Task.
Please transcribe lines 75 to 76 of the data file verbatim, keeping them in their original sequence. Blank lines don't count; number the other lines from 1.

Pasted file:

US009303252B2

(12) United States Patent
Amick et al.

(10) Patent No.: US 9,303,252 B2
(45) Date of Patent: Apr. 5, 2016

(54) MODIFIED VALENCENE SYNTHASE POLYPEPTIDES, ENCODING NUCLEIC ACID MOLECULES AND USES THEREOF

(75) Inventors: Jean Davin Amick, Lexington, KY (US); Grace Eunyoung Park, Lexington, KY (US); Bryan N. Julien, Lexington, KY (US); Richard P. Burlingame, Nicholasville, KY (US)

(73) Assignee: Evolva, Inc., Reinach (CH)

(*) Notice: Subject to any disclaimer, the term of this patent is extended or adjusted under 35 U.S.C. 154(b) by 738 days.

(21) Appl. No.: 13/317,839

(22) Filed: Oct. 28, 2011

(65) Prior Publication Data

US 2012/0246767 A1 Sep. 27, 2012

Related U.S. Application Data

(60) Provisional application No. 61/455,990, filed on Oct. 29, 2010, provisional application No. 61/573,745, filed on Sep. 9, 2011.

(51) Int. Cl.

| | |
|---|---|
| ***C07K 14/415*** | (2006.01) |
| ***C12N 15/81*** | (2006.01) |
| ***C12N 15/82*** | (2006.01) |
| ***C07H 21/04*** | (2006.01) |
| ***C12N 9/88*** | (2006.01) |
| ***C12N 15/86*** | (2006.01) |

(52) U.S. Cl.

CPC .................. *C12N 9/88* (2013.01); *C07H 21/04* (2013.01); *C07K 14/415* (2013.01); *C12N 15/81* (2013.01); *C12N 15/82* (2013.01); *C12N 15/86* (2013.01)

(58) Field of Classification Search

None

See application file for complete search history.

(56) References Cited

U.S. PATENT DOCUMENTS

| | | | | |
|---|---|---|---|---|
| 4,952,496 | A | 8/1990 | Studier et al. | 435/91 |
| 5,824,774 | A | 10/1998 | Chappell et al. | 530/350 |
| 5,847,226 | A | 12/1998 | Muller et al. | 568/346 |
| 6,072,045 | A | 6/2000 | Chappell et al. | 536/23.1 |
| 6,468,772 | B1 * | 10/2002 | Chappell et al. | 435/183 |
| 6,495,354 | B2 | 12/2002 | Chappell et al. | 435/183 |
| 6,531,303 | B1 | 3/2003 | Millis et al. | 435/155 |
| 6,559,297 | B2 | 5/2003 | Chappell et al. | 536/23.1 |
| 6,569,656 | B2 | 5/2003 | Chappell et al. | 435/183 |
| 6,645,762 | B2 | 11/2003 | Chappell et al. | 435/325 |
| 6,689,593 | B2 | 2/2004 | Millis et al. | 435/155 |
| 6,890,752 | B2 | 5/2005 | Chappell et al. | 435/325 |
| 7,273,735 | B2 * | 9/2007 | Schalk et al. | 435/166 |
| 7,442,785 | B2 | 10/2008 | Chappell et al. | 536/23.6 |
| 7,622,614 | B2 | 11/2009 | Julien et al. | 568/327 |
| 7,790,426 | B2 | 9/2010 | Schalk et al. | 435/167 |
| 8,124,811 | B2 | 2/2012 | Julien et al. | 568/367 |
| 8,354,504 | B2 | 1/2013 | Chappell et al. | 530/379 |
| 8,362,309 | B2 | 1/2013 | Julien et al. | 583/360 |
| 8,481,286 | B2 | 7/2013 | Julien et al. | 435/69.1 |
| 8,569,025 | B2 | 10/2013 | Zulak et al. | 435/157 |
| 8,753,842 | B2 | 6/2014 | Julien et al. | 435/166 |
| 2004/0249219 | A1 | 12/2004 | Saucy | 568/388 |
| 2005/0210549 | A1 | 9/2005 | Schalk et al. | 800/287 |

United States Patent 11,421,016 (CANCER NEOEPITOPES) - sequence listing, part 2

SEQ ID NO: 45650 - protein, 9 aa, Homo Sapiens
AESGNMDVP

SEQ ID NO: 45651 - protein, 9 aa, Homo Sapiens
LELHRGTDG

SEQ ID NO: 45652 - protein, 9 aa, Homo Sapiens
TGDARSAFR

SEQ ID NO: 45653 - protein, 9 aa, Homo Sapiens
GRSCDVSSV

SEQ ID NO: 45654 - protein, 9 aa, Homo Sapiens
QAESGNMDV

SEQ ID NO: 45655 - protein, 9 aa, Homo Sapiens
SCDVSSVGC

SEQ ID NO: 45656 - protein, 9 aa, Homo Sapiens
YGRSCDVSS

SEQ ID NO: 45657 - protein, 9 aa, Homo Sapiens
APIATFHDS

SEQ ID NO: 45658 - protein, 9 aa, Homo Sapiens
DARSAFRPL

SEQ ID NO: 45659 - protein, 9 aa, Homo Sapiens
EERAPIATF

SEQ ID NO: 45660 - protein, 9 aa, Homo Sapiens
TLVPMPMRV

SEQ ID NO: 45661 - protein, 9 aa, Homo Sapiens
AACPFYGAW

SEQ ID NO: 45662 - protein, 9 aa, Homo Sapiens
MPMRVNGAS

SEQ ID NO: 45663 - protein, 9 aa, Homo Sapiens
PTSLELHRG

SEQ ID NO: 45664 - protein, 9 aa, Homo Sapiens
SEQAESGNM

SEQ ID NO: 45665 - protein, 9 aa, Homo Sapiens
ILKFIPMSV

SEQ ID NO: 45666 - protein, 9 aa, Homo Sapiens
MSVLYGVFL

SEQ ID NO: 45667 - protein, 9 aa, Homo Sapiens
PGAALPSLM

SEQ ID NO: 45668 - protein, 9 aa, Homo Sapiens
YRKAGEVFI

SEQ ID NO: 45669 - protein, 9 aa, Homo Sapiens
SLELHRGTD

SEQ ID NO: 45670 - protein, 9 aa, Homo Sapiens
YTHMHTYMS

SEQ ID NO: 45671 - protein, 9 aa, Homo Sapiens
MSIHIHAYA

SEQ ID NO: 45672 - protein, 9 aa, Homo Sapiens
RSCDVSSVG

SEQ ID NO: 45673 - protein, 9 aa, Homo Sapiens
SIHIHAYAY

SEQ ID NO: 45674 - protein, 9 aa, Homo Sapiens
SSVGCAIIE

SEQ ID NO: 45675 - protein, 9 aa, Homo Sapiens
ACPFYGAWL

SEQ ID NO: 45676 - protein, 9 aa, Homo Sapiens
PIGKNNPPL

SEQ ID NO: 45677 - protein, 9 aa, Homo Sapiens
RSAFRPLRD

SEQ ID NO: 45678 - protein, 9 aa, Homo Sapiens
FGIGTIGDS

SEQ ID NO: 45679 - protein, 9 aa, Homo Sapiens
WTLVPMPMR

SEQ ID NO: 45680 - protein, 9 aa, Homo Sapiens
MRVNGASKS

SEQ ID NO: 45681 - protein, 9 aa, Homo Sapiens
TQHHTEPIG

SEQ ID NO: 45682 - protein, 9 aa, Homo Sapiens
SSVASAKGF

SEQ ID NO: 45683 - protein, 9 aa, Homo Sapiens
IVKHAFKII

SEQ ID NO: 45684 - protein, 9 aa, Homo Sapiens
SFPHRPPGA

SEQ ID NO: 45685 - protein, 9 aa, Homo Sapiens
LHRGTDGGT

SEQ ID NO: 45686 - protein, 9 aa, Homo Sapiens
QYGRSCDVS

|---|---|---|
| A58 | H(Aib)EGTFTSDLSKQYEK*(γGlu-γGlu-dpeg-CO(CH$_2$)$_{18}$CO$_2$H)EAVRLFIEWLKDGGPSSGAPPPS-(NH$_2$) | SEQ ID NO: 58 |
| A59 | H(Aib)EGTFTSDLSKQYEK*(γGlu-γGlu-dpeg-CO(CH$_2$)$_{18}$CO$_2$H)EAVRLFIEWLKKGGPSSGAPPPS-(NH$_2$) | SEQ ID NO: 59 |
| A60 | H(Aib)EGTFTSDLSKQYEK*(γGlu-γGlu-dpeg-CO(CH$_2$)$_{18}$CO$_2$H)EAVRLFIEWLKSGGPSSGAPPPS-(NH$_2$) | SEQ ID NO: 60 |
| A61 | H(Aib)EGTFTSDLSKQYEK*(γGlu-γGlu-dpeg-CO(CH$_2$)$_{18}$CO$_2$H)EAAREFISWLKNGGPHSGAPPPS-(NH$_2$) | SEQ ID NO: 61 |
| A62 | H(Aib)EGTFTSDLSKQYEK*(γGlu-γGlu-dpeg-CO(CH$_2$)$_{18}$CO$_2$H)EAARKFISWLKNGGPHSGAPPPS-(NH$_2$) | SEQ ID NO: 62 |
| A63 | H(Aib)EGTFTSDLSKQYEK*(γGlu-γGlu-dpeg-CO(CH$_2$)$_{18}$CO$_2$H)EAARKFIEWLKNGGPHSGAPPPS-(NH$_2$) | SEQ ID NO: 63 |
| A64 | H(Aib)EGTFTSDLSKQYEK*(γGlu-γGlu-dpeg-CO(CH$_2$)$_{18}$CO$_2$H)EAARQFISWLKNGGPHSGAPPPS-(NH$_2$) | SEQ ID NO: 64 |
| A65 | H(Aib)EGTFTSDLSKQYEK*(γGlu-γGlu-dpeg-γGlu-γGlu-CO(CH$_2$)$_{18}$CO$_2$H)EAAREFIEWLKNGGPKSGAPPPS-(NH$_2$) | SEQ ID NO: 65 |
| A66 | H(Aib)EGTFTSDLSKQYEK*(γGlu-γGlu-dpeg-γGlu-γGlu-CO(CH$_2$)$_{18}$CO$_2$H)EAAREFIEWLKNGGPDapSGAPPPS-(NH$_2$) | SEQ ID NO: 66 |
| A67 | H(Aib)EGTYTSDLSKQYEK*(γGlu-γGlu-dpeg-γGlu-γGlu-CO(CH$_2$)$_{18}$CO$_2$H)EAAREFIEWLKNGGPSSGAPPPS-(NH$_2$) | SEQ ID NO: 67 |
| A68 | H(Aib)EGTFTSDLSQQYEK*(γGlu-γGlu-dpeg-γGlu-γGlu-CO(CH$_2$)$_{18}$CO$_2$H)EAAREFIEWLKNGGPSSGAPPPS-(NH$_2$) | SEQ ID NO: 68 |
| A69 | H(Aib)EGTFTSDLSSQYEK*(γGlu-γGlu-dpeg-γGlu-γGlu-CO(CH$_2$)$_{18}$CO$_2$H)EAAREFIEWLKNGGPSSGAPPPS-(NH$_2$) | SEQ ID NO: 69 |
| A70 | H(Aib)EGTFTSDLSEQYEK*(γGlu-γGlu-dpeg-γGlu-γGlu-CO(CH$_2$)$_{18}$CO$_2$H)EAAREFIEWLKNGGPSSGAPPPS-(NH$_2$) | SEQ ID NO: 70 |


SEQ ID NO: 45658 - protein, 9 aa, Homo Sapiens
DARSAFRPL